Wednesday, 27 February 2008

Keeping it local - the only way democracy can work

The Guardian is running an article today bewailing the disappearance of a crucial local government layer in British society, to the degree that our first port of call for what should be local government concerns these days is actually the police. It's debatable just how much clout village and local community councils ever had, but there is absolutely no doubt that confidence in the institution of democracy - people running their own communities, for themselves, has evaporated almost entirely in Britain today.

The UK has had whatever feeble democratic institutions it originally had perniciously eroded over the past 30 years, and individuals now need to start to fight back by forming their own grassroots local democratic groups and bypassing the undemocratic top-down no-say "system". Looking elsewhere in Europe shows the picture is very, very different.

Manuscripts Don't Burn is based in Normandy, in a tiny commune of 180 individuals. This rural commune possesses an elected mayor and an elected commune council of 10 people, who everyone knows on first name terms, and who pretty much know everyone in the commune. The commune council has direct control over a sizable chunk of the local community tax. Each year they host a New Year's presentation where they explain how their share of the local taxes which everyone has paid in have been spent around the commune, and how they plan to spend in the coming year. Each person in the commune has the opportunity to ask questions directly of the people spending their taxes, to protest, or to organise petitions to spend the money in other ways if they disagree. About 80% of the commune turn up at such meetings, and involvement is high.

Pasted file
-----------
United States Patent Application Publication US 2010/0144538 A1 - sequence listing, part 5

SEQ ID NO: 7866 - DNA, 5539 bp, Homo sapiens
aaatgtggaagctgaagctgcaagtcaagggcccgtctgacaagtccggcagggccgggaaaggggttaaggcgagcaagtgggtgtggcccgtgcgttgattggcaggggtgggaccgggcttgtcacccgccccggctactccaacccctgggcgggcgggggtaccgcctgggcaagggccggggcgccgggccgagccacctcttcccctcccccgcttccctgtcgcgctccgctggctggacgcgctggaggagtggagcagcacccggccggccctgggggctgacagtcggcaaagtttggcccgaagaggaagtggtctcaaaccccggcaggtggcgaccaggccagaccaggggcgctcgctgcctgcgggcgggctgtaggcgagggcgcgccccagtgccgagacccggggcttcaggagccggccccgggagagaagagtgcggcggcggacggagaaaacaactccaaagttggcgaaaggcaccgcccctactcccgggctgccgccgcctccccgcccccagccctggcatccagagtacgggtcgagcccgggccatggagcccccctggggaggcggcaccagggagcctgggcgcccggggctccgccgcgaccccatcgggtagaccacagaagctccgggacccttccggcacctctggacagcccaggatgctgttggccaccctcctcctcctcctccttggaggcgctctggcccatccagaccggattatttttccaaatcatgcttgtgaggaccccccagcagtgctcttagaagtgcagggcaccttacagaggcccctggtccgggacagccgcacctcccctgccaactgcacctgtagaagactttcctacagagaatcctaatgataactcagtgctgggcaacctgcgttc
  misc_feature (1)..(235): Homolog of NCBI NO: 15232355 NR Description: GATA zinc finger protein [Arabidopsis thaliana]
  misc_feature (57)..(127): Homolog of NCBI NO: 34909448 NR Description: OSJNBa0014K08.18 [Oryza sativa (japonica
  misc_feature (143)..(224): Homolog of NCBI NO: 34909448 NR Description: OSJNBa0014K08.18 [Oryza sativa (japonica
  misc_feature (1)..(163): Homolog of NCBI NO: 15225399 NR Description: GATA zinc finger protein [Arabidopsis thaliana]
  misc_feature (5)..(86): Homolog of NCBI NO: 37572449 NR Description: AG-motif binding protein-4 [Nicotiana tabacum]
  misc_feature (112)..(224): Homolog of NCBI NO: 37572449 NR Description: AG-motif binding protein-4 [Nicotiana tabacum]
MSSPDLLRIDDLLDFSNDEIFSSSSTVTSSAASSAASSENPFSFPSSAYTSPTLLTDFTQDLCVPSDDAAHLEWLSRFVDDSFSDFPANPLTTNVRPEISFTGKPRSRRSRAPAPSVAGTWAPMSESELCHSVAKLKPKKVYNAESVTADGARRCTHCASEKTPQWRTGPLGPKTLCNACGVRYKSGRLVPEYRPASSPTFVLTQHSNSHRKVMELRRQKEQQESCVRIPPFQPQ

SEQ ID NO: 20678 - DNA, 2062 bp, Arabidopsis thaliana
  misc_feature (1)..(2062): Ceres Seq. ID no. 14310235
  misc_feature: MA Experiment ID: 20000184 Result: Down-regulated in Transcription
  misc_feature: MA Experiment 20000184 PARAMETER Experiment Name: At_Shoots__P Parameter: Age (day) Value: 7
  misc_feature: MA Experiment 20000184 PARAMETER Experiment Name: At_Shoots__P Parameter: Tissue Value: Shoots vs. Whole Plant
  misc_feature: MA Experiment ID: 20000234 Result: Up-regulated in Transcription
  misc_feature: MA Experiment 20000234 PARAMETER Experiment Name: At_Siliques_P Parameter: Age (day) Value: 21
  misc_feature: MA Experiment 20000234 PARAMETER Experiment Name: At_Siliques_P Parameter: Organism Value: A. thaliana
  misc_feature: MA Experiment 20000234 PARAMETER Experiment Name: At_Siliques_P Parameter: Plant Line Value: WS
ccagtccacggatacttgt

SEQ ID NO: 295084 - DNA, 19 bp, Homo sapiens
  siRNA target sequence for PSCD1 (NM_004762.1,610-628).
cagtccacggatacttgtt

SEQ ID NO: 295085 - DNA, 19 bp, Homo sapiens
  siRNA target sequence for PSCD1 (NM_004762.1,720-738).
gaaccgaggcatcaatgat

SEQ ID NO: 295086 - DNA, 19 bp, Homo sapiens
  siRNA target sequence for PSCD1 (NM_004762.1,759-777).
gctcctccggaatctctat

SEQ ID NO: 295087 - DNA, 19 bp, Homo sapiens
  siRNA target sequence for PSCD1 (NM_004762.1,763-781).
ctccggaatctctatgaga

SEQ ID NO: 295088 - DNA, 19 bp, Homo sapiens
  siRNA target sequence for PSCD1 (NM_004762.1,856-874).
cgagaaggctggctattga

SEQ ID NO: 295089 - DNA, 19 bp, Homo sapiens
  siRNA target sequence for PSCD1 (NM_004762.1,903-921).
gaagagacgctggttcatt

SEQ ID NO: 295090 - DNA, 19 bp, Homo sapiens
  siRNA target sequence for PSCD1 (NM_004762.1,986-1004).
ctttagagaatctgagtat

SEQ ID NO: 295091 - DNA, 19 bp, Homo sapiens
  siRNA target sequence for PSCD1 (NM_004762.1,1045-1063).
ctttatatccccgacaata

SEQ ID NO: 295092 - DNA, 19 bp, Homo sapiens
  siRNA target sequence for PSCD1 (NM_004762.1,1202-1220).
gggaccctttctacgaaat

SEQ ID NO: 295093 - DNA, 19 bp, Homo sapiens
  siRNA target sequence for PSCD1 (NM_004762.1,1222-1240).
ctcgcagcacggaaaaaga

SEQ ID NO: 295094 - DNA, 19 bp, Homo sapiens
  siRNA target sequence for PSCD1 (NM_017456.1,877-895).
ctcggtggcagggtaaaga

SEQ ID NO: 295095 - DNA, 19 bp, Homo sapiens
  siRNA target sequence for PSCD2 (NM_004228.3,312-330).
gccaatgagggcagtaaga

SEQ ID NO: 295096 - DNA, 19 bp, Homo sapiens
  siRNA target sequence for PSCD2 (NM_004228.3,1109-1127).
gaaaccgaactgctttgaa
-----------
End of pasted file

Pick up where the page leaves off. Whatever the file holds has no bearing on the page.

If Manuscripts Don't Burn has a local problem which needs dealing with, one goes to the mayor. He is able to escalate things as high as he needs to, and makes himself available for meetings with commune members for two 3-hour sessions a week - it's rarely necessary to wait more than 30 minutes before sitting down to talk to him, face to face.

Manuscripts Don't Burn has tried to explain the British "system" to the French, only to be met with shock. "But if that is your system, how are you represented?" was their universal response.

Manuscripts Don't Burn has no answer to this question. The UK public, quite simply, are not represented in their government, at any level: it is a travesty to call the system democratic. The UK is a one-party state masquerading as a two-party state, pure and simple.

1 comment:

olching said...

Whether it's a one-party or two-party state is irrelevant. Politics is just as meaningless in continental Europe. The only real position to take is to opt out of the entire process of 'politics'. Don't vote!